Monday, March 19 2018


Nation must evolve to lure big business

Update: June, 04/2013 - 09:28
The Viet Nam Business Forum entitled "New phase of economic reform: from agenda to action" held in Ha Noi yesterday to discuss ways for Viet Nam to enhance business climate.—VNS Photo

HA NOI (VNS)— Viet Nam should improve its business environment and accelerate economic reforms to avoid lagging behind other southeast Asian countries.

This was the view of attendants at the Viet Nam Business Forum entitled "New phase of economic reform: from agenda to action" held in Ha Noi yesterday to discuss ways for Viet Nam to enhance business climate.

The European Chamber of Commerce in Viet Nam (EuroCham) recently announced its Viet Nam Business Climate Index (BCI), showing that business confidence and outlooks among European businesses in Viet Nam continues to improve.

EuroCham Executive Director Paul Jewell said the BCI has experienced incremental improvements across the indicators, demonstrating that European companies have slowly regained trust in the Vietnamese market.

He warned this was only the half-way point, adding that the BCI needed to significantly improve if Viet Nam wanted to remain competitive within ASEAN.

Speaking at the meeting, minister of Planning and Investment Bui Quang Vinh said despite positive signs, the economy continued to face difficulties including low FDI inflows, high inventories, poor competitive capacity and a large number of dissolved businesses.

"This is the reason businesses should share difficulties with the Government in the reform process to overcome challenges," Vinh said.

Deputy Prime Minister Vu Van Ninh (R) appreciated the executives' and donors' frank opinions.—Photo vov

David Whitehead, chairman of the Australian Business Society in Viet Nam (Auscham) said Viet Nam had been coping with fierce competition from other countries in Southeast Asia such as Indonesia, Thailand, Cambodia and Myanmar, which have emerged as attractive investment destinations.

He added that a better investment climate would make it easier for the country to attract foreign direct investment in the context of the global economic slowdown.

Despite the global headwinds, foreign direct investment (FDI) had increased considerably in recent times. If Viet Nam did not create a better investment climate, its FDI would continue to fall, he warned.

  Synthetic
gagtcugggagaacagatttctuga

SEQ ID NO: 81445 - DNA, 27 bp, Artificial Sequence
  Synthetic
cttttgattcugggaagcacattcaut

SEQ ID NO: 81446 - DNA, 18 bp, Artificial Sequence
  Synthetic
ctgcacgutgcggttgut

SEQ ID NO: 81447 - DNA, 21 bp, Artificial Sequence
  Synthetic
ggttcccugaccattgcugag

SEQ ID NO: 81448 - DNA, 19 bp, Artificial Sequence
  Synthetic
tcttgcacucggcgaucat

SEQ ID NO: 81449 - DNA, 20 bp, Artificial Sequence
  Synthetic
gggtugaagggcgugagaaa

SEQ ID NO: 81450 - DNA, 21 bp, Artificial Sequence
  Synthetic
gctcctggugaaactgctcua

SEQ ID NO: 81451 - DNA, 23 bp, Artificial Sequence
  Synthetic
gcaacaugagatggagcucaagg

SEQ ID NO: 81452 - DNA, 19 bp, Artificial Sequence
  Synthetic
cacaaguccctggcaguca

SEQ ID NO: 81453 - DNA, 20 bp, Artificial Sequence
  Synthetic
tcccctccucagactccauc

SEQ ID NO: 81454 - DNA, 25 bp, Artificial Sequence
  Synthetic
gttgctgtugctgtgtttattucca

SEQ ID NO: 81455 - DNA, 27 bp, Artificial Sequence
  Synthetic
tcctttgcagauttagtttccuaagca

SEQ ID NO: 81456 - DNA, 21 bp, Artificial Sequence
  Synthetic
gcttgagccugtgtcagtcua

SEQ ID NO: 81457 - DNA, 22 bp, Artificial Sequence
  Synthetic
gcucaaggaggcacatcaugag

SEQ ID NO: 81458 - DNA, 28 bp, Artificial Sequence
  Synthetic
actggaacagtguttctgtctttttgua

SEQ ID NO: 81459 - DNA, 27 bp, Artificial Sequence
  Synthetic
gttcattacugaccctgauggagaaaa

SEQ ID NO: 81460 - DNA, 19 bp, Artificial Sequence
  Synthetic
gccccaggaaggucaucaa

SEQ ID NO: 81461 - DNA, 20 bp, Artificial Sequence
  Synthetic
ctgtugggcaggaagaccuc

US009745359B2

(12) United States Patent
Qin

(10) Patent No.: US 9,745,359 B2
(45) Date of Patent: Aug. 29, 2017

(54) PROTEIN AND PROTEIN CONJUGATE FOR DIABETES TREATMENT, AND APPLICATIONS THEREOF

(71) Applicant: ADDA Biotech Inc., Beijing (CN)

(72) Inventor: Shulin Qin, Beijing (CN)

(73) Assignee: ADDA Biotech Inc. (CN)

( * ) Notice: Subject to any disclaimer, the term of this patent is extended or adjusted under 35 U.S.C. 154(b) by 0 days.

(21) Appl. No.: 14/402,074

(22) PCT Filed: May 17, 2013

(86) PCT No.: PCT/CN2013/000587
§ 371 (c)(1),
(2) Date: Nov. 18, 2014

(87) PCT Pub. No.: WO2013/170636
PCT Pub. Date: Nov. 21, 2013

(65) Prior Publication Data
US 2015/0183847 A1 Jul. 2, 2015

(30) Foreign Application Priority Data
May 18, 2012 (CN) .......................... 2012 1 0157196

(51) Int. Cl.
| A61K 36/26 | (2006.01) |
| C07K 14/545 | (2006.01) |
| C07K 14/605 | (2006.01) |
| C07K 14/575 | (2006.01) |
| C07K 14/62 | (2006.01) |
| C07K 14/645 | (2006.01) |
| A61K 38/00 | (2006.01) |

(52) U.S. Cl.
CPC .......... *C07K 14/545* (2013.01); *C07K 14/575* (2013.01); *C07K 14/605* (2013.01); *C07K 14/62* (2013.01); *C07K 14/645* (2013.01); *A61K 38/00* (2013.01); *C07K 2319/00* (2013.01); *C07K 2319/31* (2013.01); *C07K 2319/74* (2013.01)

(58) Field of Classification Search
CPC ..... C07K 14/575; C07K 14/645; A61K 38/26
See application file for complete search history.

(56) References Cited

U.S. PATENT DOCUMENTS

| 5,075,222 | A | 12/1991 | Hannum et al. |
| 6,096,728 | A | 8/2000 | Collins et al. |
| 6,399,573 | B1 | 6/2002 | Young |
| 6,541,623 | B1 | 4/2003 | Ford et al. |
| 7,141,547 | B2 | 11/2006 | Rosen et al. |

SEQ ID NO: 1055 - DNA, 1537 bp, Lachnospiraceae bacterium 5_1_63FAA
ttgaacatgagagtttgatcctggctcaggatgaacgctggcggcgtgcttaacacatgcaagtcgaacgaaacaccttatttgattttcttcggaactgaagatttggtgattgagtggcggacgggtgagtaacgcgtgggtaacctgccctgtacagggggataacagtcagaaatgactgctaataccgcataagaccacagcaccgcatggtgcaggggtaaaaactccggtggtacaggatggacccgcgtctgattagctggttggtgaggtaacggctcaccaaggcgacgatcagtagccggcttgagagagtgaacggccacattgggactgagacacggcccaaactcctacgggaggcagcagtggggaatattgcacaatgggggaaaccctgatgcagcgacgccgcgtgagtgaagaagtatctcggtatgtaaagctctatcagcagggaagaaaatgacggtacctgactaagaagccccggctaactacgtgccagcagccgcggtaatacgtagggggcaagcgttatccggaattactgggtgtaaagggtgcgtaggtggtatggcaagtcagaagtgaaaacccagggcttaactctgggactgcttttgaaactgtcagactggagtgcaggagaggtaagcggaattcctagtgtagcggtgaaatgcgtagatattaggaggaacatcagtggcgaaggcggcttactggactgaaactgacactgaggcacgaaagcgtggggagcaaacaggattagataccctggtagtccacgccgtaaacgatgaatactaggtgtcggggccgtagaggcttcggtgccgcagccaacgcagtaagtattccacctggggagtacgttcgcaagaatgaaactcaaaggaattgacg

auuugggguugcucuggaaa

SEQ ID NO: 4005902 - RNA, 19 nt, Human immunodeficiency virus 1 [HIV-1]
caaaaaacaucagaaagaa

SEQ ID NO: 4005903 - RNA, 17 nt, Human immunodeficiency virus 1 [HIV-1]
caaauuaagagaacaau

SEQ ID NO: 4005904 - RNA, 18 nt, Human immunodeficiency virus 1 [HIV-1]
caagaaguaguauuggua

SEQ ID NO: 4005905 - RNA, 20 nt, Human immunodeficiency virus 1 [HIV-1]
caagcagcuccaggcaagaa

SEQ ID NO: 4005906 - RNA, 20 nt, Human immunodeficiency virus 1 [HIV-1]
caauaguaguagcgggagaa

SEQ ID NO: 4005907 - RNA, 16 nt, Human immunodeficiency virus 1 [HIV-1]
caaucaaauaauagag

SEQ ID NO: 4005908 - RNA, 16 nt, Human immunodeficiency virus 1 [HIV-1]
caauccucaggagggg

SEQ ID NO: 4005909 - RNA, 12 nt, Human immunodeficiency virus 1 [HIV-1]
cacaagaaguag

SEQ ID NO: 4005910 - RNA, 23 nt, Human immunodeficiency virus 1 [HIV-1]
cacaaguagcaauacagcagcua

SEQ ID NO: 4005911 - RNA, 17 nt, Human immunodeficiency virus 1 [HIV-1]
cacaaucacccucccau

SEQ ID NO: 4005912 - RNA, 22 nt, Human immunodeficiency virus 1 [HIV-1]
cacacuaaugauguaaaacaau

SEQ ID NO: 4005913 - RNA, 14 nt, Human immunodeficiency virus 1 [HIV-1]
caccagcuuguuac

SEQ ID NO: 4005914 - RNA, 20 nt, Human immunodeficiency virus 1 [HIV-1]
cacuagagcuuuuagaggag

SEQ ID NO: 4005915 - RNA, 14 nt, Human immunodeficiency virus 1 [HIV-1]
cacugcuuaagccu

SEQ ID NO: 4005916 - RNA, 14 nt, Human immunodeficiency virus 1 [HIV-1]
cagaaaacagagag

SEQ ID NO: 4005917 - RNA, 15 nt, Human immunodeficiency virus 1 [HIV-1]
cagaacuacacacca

Mr Motonobu, chairman of the Japan Business Association in Viet Nam (JBA) agreed, saying that Japanese companies had invested US$4.2 billion into the country, making it the top international investor, accounting for 40 per cent of the country's FDI inflows last year.

However, he said Japan had extended its FDI to other Asian countries as well.

"It is important for Viet Nam to have a point of view on how you can attract investment bearing in mind the competition from other countries," he added.

He suggested three key points to eliminate bottle necks and attract more investment in Viet Nam, including developing the business environment, rule making process, implementation and judicial system and visa exemptions.

Vu Tien Loc, President of the Viet Nam Chamber of Commerce and Industry (VCCI) proposed that the Government should continue to stabilise the macro economy, controlling inflation and achieving steady economic growth.

"It is indispensable for Viet Nam to speed up restructure, primarily for State-owned enterprises (SOEs), increasing transparency and creating a fertile environment for all economic sectors," Loc said.

He said the Government should lower corporate income tax to 20 per cent and remove the interest rate ceiling.

Delegates at the event also confirmed the role of the private sector in the country's development.

Preben Hjortlund, President of the European Chamber of Commerce in Viet Nam (EuroCham) said SOEs, which accounted for 40 per cent of the economy, had not developed as effectively as expected.

He said the Government should accelerate SOE equitisation to create a healthier competitive environment.

Mark Gillin, President of the American Chamber of Commerce in Viet Nam (AmCham) added that the Vietnamese government should establish a competitive playing field for private businesses to develop equally with other economic sectors.

Talking about the Government's recent move to set up a national debt trading company (VAMC), Alain Cany, VBF's co-chairperson said the establishment of VAMC would help ease banks' bad debt burden and helped reiterate the government's commitment to solving problems in the banking sector.

However, he said investors felt frustrated after the State Bank of Viet Nam (SBV) decided to postpone the application of new debt classification regulations by one year.

According to a report by the working group, Viet Nam's banks have long ceased to report the true extent of their bad debts. One reason for this was the previous regulations on bad loans which allowed banks to enjoy flexibility in classifying the same debts into standard or bad categories.

"The delay of Circular 02 may setback transparency, an essential factor in solving problems in the banking sector quickly," the report said.

The working group noted that Circular 02 would ensure banks produce more realistic reports on provisioning and would increase investors' confidence in the transparency of the banking system.

In a speech delivered at the forum, Deputy Prime Minister Vu Van Ninh appreciated the executives' and donors' frank opinions.

He said the Government would study them to come up with appropriate solutions.

He also asked businesses to restructure themselves to improve their operational efficiency.

The mid-term gathering was jointly held by VBF, the MPI, the International Finance Corporation (IFC), and the World Bank (WB). — VNS

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